More repression in Cuba
OUR OPINION: Cubans' pent-up frustration met with violence
President Obama's condemnation of repression in Cuba is a welcome if
somewhat belated acknowledgement of the campaign of ``intensified
harassment'' that the Castro-run government is directing at Cubans who
dare to demand freedom and engage in nonviolent protests.
Such campaigns are business as usual for Cuba's rulers. Fidel Castro's
regime is characterized by repression designed to stifle any form of
independent activity. At other times, Castro has seized on the pretext
of ``intervention'' from other countries, real or imagined, to tighten
the screws on his own people.
The ``black spring'' of March 2003, when some 75 dissidents were rounded
up and thrown in prison for years, was his petulant reaction to the U.S.
invasion of Iraq.
What is unusual about the current wave of repression is that it responds
to a completely spontaneous outburst of pent-up frustration inside the
country. More and more Cubans are just plain fed up.
The death of hunger striker Orlando Zapata Tamayo one month ago was the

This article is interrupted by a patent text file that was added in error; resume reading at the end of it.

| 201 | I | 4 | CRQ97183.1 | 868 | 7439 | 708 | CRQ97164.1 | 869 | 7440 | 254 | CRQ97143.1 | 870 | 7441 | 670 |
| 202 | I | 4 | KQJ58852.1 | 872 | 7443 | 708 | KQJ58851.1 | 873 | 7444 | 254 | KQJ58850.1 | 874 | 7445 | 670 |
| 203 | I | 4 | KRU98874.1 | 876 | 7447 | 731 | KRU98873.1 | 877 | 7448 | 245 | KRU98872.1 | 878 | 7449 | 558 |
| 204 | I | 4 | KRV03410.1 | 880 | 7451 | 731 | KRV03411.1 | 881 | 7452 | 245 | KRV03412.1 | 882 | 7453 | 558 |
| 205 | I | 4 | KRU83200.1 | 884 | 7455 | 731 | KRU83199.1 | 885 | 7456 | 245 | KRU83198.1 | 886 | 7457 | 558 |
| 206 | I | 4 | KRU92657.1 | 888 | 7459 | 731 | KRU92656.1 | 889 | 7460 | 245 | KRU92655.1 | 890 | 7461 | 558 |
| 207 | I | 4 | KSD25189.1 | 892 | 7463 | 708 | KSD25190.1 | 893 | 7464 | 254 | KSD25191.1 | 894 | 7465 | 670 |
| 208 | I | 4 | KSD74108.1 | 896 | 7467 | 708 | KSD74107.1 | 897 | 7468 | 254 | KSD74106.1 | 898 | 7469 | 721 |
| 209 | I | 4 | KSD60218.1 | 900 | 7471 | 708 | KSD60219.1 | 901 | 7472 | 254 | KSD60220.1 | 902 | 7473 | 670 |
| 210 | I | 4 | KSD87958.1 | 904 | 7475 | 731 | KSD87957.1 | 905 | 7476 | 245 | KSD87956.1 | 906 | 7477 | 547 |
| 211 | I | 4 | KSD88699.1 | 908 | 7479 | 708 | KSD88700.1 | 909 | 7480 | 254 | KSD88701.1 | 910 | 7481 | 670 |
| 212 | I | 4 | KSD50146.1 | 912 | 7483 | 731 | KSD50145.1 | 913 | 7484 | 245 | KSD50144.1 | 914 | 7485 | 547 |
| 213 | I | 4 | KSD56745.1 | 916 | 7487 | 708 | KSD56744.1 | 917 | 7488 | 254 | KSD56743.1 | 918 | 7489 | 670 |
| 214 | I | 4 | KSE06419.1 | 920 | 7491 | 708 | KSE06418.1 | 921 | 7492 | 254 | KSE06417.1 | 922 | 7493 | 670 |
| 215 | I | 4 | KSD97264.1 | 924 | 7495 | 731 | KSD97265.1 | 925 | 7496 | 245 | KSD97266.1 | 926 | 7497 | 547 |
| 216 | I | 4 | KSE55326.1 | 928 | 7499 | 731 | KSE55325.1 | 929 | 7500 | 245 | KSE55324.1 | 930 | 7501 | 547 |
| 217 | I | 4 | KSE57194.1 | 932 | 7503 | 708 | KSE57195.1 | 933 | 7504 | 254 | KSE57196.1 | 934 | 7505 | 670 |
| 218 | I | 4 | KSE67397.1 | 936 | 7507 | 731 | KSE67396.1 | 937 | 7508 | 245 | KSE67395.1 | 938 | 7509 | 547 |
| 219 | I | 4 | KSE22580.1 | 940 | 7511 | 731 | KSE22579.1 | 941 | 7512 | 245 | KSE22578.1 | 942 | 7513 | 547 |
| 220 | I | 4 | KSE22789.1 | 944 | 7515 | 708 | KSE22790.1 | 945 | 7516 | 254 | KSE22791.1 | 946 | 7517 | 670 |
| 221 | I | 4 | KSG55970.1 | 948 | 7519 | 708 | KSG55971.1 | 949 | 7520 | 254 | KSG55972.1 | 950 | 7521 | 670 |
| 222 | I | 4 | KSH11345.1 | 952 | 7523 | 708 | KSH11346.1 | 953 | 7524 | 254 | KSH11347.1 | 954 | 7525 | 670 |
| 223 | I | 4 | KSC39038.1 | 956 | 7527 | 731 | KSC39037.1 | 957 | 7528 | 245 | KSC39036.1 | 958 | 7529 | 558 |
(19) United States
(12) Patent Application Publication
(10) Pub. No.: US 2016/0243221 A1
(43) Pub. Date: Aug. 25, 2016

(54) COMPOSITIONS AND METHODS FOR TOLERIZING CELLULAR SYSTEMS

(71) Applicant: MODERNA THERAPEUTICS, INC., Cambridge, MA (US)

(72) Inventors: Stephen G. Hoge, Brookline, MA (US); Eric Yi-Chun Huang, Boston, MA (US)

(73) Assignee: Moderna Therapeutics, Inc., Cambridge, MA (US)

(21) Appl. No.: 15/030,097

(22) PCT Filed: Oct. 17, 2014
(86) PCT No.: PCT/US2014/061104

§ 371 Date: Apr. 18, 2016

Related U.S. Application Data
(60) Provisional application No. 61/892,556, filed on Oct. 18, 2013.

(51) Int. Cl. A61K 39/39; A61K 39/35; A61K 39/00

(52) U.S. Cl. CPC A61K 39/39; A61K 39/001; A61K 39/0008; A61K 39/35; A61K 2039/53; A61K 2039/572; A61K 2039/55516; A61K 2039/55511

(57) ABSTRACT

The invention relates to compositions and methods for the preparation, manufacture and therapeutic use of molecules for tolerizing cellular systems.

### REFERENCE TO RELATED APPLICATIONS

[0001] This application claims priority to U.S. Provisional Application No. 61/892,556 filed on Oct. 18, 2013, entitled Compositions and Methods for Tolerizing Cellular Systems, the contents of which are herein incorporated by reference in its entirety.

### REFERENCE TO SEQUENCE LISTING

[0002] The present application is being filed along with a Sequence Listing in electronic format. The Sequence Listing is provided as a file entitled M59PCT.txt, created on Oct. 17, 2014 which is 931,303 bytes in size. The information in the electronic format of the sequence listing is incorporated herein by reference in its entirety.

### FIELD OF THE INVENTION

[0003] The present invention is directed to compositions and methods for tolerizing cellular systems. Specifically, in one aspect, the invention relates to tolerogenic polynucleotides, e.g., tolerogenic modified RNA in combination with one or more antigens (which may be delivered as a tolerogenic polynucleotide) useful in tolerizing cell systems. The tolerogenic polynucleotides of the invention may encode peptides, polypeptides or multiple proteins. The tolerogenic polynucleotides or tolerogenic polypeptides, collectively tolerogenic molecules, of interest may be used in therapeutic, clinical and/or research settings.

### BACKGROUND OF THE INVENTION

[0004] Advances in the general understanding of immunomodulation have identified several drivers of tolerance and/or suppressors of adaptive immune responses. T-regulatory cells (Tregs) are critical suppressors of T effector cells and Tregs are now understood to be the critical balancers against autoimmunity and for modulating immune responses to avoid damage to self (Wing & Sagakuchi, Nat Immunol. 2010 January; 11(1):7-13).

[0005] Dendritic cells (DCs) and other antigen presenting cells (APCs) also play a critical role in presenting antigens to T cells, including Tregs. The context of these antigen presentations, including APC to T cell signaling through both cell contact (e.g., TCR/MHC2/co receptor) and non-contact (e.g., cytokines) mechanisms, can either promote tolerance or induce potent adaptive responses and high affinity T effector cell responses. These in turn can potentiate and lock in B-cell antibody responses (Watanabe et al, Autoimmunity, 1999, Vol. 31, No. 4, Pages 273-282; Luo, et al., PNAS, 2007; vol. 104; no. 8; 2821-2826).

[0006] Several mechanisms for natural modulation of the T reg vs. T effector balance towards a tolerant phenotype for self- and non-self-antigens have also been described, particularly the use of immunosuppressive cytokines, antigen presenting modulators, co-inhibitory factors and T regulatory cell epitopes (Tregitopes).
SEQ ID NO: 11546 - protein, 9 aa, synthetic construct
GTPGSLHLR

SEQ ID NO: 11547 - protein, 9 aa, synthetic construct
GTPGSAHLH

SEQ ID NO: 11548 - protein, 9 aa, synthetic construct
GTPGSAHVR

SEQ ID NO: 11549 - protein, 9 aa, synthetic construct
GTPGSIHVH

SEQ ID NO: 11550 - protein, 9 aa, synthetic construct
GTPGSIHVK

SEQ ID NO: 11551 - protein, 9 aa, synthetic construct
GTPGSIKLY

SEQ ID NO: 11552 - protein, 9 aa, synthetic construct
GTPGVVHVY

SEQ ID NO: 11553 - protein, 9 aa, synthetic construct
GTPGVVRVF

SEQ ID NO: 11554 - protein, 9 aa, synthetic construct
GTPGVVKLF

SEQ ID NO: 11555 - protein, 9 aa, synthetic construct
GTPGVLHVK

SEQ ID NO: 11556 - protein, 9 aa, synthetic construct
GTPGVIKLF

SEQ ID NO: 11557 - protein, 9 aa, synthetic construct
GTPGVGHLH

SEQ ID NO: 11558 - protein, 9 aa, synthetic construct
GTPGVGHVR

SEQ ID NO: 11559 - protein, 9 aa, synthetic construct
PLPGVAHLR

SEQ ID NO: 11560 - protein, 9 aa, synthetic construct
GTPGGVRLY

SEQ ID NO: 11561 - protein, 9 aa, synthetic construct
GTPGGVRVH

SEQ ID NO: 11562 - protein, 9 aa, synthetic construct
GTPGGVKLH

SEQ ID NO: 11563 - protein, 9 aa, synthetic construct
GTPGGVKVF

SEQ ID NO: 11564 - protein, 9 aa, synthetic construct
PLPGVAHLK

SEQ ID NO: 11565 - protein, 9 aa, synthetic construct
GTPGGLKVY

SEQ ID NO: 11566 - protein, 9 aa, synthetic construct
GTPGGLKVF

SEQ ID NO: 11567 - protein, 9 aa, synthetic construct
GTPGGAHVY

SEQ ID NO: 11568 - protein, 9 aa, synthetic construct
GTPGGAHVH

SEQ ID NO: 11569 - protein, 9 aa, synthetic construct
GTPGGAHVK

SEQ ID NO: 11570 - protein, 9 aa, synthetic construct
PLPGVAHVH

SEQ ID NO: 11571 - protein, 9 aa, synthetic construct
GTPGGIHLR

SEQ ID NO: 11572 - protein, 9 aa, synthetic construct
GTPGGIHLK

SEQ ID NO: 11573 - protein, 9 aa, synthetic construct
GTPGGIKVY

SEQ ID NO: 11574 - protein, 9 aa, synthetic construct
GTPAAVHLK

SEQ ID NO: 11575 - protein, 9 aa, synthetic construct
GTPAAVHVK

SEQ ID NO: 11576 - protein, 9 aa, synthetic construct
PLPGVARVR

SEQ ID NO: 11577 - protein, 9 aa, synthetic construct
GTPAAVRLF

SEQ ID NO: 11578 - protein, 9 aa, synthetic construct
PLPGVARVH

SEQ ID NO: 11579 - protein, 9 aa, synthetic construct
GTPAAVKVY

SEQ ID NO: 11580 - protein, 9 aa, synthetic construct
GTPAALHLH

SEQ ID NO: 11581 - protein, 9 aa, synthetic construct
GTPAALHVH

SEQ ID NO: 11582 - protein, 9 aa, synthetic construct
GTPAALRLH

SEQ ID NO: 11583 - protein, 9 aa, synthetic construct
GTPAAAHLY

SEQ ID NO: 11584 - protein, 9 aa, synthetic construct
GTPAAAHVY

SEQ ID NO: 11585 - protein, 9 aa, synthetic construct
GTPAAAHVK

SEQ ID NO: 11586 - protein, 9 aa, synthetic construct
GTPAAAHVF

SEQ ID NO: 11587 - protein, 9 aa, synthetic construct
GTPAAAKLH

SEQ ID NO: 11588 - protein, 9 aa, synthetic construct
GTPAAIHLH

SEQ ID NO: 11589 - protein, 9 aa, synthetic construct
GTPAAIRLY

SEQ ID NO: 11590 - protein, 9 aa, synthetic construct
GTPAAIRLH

most dramatic example of this, but the courage of the Ladies in White
who repeatedly dare to confront Castro's baton-wielding goons may
represent a greater threat in Castro's eyes. Their example tugs at the
conscience of their countrymen and inspires respect and admiration.
The repression should spur other governments to join with President
Obama to demand the immediate, unconditional release of political
prisoners in Cuba. Castro's police state is a consistent and
unapologetic violator of human rights, abetted in its behavior by all
those who turn a blind eye to its crimes.
The death or Orlando Zapata prompted the European Union to suspend
efforts to improve relations with Cuba. Its member countries should go
further to demand that the Cuban people be treated with the dignity and
respect they deserve.
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